What’s better than 20 roses, which is what I thought the husband was getting me on the 20th anniversary of our first date? This Diptyque candle and solid perfume – both from the limited edition Paris en Fleur collection, which is based on my favorite rose-scented memories of the city of love.
I’ve been crazy sick so brought it out for the first time today… and I swear, it’s love at first whiff! If you’ve ever been in Paris during spring or summer, you can’t have missed the fragrances of a million roses dotted around the gardens and boulevards. One of my favorite things is to buy big bunches from the Marché aux Fleurs (the historic flower garden in the 4th arr) and place them all over the house. They look and smell so gorgeous!
Sadly, I can’t always be in Paris, so am delighted with the Paris en Fleur candle and solid perfume. They have all the lusciousness of Parisian roses, without any of the saccharine candy sweetness that just makes me feel sickly. These are full blown, real blooms underlaid by Diptyque’s version of the chypre, where fresh bergamot is spiked with peppercorns instead of patchouli.
[NB: Chypre is a fragrance category that’s built around a mossy note, with bergamot, oakmoss, patchouli, and labdanum.]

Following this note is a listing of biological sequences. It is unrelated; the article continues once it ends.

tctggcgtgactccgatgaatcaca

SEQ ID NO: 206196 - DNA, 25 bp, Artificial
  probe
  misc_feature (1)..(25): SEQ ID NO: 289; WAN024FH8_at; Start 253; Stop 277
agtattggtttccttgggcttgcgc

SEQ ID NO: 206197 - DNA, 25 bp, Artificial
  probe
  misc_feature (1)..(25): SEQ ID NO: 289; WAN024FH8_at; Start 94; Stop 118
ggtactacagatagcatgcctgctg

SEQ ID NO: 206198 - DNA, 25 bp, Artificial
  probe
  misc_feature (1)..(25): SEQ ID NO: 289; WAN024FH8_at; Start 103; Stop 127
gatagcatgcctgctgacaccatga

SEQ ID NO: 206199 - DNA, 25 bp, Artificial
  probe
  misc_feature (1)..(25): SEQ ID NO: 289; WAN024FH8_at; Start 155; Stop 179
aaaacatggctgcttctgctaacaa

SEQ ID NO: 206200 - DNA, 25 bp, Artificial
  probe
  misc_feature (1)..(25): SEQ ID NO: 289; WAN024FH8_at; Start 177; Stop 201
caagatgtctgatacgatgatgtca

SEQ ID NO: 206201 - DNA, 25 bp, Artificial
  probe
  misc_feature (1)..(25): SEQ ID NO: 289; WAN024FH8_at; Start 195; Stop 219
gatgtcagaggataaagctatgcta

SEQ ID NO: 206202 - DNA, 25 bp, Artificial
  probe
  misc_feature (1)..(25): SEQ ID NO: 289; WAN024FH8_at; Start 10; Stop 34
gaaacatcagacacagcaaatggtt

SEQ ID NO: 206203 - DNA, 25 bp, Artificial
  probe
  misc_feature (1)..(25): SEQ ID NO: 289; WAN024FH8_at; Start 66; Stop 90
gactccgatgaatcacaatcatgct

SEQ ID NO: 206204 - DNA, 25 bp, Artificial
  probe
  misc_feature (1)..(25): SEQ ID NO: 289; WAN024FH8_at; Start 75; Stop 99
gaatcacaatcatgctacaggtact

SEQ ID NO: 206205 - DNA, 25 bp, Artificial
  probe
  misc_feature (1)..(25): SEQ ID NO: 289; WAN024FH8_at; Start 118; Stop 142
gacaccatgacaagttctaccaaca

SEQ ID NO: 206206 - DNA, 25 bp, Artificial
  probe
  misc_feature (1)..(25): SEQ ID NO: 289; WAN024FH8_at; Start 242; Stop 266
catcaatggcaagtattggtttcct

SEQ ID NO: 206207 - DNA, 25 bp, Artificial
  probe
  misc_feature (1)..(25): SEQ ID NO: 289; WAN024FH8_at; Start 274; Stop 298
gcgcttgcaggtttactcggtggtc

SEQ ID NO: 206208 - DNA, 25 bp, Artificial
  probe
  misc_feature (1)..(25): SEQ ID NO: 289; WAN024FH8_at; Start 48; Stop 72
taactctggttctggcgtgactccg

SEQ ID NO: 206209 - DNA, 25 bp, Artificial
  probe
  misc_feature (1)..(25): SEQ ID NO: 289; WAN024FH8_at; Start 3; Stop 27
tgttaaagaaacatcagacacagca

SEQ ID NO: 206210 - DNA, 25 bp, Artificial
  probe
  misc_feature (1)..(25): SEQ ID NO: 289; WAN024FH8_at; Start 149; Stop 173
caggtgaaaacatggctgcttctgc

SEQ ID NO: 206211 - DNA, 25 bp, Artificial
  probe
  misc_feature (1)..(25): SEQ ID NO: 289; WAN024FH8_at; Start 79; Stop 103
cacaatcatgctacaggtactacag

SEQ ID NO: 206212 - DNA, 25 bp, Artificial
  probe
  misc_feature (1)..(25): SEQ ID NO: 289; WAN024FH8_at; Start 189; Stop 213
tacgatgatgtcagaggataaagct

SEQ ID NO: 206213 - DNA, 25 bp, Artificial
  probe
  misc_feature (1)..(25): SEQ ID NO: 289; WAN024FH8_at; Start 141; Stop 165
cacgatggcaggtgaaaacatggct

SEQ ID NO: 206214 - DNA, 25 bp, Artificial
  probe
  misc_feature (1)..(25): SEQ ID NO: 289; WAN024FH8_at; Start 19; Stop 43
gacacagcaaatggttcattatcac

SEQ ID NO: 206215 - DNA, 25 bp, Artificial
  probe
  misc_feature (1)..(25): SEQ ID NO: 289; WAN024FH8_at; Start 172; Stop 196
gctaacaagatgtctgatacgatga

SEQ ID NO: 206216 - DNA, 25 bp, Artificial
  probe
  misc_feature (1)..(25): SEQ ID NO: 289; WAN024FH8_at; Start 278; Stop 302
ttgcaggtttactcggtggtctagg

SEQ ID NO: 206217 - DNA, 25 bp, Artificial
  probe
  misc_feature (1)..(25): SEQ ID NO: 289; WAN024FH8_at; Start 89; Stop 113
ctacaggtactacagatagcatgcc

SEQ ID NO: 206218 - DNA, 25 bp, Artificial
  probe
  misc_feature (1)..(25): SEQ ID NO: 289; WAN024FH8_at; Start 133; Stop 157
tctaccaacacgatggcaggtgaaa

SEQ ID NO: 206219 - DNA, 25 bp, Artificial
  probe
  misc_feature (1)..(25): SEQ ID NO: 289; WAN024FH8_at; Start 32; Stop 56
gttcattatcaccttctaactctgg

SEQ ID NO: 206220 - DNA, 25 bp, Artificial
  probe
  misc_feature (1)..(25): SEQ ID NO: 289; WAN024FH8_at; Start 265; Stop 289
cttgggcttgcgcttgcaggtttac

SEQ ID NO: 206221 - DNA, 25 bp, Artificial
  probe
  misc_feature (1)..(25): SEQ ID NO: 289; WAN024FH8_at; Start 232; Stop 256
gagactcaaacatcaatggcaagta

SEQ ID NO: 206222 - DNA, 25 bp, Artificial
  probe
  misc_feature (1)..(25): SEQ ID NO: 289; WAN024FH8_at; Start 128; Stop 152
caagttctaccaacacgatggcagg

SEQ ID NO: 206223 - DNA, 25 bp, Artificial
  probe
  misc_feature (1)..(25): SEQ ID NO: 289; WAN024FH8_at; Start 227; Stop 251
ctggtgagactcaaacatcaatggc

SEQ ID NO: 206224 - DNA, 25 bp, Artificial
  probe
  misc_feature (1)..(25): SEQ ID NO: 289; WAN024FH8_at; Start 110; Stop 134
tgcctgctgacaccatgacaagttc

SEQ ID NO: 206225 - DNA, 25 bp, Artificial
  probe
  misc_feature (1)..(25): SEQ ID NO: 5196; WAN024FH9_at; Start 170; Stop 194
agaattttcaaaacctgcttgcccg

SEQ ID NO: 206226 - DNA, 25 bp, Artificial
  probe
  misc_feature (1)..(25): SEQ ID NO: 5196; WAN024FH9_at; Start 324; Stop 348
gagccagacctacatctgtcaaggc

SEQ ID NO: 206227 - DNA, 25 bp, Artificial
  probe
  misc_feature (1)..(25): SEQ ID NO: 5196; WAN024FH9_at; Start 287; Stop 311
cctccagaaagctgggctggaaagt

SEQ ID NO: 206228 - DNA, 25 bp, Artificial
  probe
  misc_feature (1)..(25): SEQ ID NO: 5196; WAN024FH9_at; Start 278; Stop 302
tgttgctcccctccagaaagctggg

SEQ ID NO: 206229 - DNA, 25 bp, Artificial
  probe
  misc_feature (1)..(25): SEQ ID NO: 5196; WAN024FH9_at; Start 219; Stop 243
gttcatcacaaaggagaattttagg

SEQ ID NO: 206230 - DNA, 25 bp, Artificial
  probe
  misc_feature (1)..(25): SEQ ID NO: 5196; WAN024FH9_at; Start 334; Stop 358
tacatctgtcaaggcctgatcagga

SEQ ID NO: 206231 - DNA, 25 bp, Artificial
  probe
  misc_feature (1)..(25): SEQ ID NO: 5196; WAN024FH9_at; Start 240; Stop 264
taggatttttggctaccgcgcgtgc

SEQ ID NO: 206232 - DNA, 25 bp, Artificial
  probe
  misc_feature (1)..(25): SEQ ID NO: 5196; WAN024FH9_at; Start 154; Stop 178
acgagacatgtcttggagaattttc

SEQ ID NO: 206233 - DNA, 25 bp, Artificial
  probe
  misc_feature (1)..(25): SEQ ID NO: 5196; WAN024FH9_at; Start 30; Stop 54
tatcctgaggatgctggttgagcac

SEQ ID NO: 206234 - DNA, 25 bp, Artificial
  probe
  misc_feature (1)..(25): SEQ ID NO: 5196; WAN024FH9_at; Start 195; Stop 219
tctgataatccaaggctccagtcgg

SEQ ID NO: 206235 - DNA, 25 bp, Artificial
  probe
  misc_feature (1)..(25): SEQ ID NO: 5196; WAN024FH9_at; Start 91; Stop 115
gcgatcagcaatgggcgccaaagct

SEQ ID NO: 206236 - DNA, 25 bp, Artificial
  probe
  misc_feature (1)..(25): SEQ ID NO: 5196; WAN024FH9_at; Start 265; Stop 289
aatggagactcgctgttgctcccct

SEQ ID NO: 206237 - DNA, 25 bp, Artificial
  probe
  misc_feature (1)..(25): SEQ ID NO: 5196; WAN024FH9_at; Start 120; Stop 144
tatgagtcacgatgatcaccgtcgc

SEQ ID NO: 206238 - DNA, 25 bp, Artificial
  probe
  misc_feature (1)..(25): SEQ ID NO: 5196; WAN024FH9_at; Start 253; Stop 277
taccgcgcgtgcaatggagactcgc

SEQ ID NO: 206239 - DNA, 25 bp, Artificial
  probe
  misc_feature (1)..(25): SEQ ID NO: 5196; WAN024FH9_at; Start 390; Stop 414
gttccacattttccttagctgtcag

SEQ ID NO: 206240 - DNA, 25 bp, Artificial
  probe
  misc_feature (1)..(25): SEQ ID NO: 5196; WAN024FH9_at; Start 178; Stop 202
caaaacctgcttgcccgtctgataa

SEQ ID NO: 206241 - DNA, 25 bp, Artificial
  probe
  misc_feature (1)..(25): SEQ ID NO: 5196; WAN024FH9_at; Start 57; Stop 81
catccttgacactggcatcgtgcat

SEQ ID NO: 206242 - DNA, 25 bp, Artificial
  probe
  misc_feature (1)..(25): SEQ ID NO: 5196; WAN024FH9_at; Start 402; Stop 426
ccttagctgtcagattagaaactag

The result is a decadent yet fresh and slightly spicy fragrance that is reminiscent of sitting in the Parc de Bagatelle in balmy June, sipping a peach bellini. In short: Bliss.
As for the Paris en Fleur solid fragrance, it obviously doesn’t have much sillage (the trail of scent meant to be left behind by a perfume). That’s pretty much impossible in a solid perfume, which is really meant to be worn close to your body, like a second skin. Rub a bit between your fingers and press into your pulse points for a fragrance that’s all yours.
I really love solid perfumes because they feel so intimate, so sensuous. And this one is based on the traditional French technique of enfleurage, where petals are placed between layers of fat to obtain their essential oils in the most delicate, natural manner. Utter gorgeousness, right?
And then there are the illustrations – a lattice decked with roses – done by ornamentalist Pierre Marie as a tribute to Paris’ Art Nouveau heritage. It harks back to the 1890s and is a beautiful trip back in time
Unfortunately, though… I believe the Paris en Fleur collection is available only till the end of February. I’ve already placed an order for two more candles!
What would YOU prefer? Flowers? Fragrance? Or candles?